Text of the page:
Poorly run promotions are high on the ASA's agenda.
The ASA has ruled against a total of 3 separate promotions this week.
In this article, we’ll be focusing on Prettylittlething.com and Hughes TV and Audio. Click here for my colleague Geraint Lloyd-Taylor’s article about the third of this weeks rulings involving Get the Gloss.
These rulings come hot on the heels of the Briley Powell ruling last week. You can read my colleague Alex Meloy's article on the Briley Powell ruling here.
Hughes TV and Audio
Hughes TV and Audio posted about their promotion on their Instagram, Facebook and Twitter pages. Their captions differed slightly per each social media account – they asked consumers to follow their Instagram page, or to like their Facebook page or to follow their Twitter page. Each caption referred to the chance to win a Beko AquaTech Washing Machine and included the same image.
One complainant believed all three ads referred to the same promotion. They queried whether it was even possible to combine all entrants into one single draw, therefore questioning whether the promotion was administered fairly.
Hughes TV and Audio responded detailing their processes. Essentially, they posted to each social media account on specific days. Each platform was then assigned a number, and Hughes used a random number generator to firstly select a platform randomly. If for example Instagram was picked, Hughes would then log into their Instagram account, view the entries and give each one a number. They would then use a random number generator again to select a winning entry.
The CAP Code requires promoters of prize draws to ensure that prizes are awarded in accordance with the laws of chance. This would need to be done by either a computer process that produced verifiably random results, or by/or under the supervision of an independent third party. The complaint queried if entries from all three social media platforms could be collated into one to pick a winner. The ASA was not concerned by the system Hughes had put in place to pick a winner. However, it was concerned that they had failed to mention this in any of their social media captions. The CAP Code requires promoters to communicate all significant conditions or information where their omission would be likely to mislead in their comms. Each of the ads cross-promoted the same promotion. However, it failed to mention the multiple ways within which consumers could enter or the method within which the winner would be chosen. The ASA felt that the method resulted in different consumers having different chances of winning. Had this been included, it would have been likely to significantly influence consumers’ understanding of the promotion and ensure they were able to make an informed choice as to how, and how many times, they could enter.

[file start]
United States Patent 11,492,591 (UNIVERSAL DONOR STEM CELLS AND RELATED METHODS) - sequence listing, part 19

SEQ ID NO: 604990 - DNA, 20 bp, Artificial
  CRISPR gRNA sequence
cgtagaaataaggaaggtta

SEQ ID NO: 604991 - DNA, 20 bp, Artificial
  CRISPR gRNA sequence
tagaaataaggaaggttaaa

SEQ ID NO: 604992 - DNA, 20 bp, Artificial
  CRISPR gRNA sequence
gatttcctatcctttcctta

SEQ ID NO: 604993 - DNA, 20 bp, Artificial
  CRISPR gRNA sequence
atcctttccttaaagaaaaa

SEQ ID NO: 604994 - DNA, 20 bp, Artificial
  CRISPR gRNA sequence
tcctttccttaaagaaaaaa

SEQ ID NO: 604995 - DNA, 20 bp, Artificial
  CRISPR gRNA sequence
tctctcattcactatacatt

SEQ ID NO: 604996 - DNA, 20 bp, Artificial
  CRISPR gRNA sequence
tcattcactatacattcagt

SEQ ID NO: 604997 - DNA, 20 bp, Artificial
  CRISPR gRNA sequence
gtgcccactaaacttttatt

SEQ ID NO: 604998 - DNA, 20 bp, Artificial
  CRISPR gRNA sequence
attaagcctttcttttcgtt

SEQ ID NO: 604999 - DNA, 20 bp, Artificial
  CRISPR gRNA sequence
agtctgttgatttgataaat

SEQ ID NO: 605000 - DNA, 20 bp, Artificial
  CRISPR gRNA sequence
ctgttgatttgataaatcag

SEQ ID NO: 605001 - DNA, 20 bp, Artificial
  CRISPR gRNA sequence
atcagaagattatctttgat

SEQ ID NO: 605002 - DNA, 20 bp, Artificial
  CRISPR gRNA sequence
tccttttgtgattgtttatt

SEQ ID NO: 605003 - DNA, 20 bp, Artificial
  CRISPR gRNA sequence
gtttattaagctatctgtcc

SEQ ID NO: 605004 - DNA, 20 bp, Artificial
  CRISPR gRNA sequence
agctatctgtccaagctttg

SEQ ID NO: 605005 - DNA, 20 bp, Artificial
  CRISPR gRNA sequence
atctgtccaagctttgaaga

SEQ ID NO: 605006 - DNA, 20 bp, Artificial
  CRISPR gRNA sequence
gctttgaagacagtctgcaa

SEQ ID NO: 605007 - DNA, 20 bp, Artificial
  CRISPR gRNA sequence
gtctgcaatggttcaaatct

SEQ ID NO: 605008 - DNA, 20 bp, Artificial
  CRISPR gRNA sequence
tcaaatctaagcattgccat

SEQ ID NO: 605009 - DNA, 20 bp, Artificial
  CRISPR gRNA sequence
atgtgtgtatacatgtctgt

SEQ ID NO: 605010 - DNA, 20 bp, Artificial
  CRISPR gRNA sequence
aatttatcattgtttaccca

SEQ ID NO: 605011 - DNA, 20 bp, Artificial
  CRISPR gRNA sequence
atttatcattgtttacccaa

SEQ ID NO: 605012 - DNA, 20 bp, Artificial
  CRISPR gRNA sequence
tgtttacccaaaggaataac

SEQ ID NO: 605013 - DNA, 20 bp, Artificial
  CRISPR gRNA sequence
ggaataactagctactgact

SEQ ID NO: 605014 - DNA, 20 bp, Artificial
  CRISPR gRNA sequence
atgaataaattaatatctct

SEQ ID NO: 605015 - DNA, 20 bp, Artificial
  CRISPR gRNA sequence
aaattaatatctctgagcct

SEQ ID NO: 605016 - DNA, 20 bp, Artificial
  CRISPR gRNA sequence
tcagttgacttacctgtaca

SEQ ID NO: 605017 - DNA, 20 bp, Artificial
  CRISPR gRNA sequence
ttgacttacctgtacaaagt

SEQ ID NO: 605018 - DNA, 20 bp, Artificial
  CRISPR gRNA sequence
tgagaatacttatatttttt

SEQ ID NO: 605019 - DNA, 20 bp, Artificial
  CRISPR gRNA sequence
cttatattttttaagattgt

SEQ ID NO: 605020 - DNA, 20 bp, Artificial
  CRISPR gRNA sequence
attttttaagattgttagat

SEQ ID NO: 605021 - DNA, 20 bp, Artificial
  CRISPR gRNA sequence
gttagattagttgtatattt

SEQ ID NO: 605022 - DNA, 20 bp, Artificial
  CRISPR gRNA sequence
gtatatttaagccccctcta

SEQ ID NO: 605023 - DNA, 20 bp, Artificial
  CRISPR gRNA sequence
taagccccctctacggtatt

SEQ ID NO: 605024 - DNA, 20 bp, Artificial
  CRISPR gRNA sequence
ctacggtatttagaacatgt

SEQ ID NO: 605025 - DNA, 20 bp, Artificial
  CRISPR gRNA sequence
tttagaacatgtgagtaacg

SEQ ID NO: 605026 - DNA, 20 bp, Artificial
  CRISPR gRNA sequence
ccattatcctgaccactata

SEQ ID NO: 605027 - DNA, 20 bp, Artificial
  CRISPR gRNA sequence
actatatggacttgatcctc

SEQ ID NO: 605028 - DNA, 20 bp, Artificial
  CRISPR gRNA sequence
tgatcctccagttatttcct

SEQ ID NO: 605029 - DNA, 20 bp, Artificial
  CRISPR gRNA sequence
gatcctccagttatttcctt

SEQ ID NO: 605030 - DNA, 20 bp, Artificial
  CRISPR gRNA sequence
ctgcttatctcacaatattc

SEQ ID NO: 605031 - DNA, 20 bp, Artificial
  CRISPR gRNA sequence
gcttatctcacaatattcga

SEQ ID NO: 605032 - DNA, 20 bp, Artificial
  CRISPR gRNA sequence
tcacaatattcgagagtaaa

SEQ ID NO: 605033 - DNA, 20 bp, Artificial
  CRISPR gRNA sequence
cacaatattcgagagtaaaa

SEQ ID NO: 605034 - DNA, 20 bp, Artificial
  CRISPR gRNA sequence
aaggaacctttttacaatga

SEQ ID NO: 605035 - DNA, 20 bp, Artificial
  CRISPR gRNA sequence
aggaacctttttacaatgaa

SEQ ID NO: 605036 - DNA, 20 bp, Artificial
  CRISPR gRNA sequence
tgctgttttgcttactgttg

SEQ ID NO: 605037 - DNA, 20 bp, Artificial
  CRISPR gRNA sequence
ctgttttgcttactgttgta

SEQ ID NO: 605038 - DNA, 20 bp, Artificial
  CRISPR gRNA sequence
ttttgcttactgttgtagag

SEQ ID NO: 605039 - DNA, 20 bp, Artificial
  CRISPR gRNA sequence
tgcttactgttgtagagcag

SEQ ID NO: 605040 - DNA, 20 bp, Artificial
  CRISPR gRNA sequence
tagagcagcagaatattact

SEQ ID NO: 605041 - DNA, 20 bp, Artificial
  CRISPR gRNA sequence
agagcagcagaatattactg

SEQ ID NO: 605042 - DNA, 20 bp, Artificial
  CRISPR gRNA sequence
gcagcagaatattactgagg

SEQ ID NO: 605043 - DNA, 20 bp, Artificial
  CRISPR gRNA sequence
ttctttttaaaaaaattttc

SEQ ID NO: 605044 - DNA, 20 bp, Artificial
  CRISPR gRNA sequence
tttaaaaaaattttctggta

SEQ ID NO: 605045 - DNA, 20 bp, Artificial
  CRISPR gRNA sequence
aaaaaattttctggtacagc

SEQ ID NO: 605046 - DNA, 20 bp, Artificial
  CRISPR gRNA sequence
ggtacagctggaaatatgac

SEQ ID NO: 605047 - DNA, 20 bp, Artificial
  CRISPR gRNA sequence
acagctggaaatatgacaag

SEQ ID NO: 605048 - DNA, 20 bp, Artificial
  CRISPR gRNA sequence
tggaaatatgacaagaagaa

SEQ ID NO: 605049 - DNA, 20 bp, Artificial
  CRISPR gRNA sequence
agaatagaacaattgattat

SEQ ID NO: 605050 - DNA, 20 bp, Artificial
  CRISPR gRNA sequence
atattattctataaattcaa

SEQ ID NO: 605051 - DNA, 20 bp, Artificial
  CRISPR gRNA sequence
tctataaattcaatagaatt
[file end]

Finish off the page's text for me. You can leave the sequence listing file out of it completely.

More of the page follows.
An Instagram post by PLT asked consumers to “double tap & save this post, tag your best galentines, comment [heart emoji] on ANY post and for a bonus, share on your story.” Entrants needed to be following @prettylittlething to enter.
The complainant challenged whether the promotion was administered fairly as they believed it was not possible for the promoter to track who had fulfilled the promotion’s entry conditions.
PLT responded stating that they had used an independent third-party website to download a range of data from Instagram, including likes, comments and hashtags relating to the prize draw. They added that they took additional steps to check the eligibility of the winner, by manually checking all entry requirements before confirming them as winner.
Whilst the ASA understood PLT had used a third party website, it remained unclear exactly what data had been downloaded. The ASA understood that certain requirements – i.e. who had saved the post or who had commented a heart emoji under any post – were not possible to download. They acknowledged PLT had requested the winner to show they had completed these actions. However, under the CAP Code the promoter would have needed to independently verify that the conditions for entry were met without requesting that info from the entrant themselves.
The ASA ascertained that despite PLT encouraging entrants to post to their story for a bonus entry, they were unable to draw this data in a way that could verify whether that post had been shared before the draw was made. These entrants therefore did not receive a second entry. Furthermore, those with a private account would have not had their additional post seen by PLT. The ASA therefore considered that those who had met the criteria for a bonus entry would not increase their chances of winning the prize by doing so.
It is more important than ever to plan and run promotions properly.
When running a promotion, it is important to follow the CAP Code in its entirety, but more specifically, Rule 8.
Promoters must conduct their promotions equitably, promptly and efficiently. They must deal with both entrants and potential entrants in a fair and honourable way and must avoid causing unnecessary disappointment. Part of this is making sure all those who seek to enter are made clear of all the necessary significant conditions wherever the promotion is advertised. Significant conditions are those where the omission of such would be likely to mislead. Promoters must also ensure the entry requirements for their promotions are achievable and quantifiable – it is not appropriate to ask consumers to complete steps to enter which a promoter cannot check.
The CAP Code also required that marketing communications or other material referring to promotions must communicate all applicable significant conditions or information where the omission of such conditions or information was likely to mislead.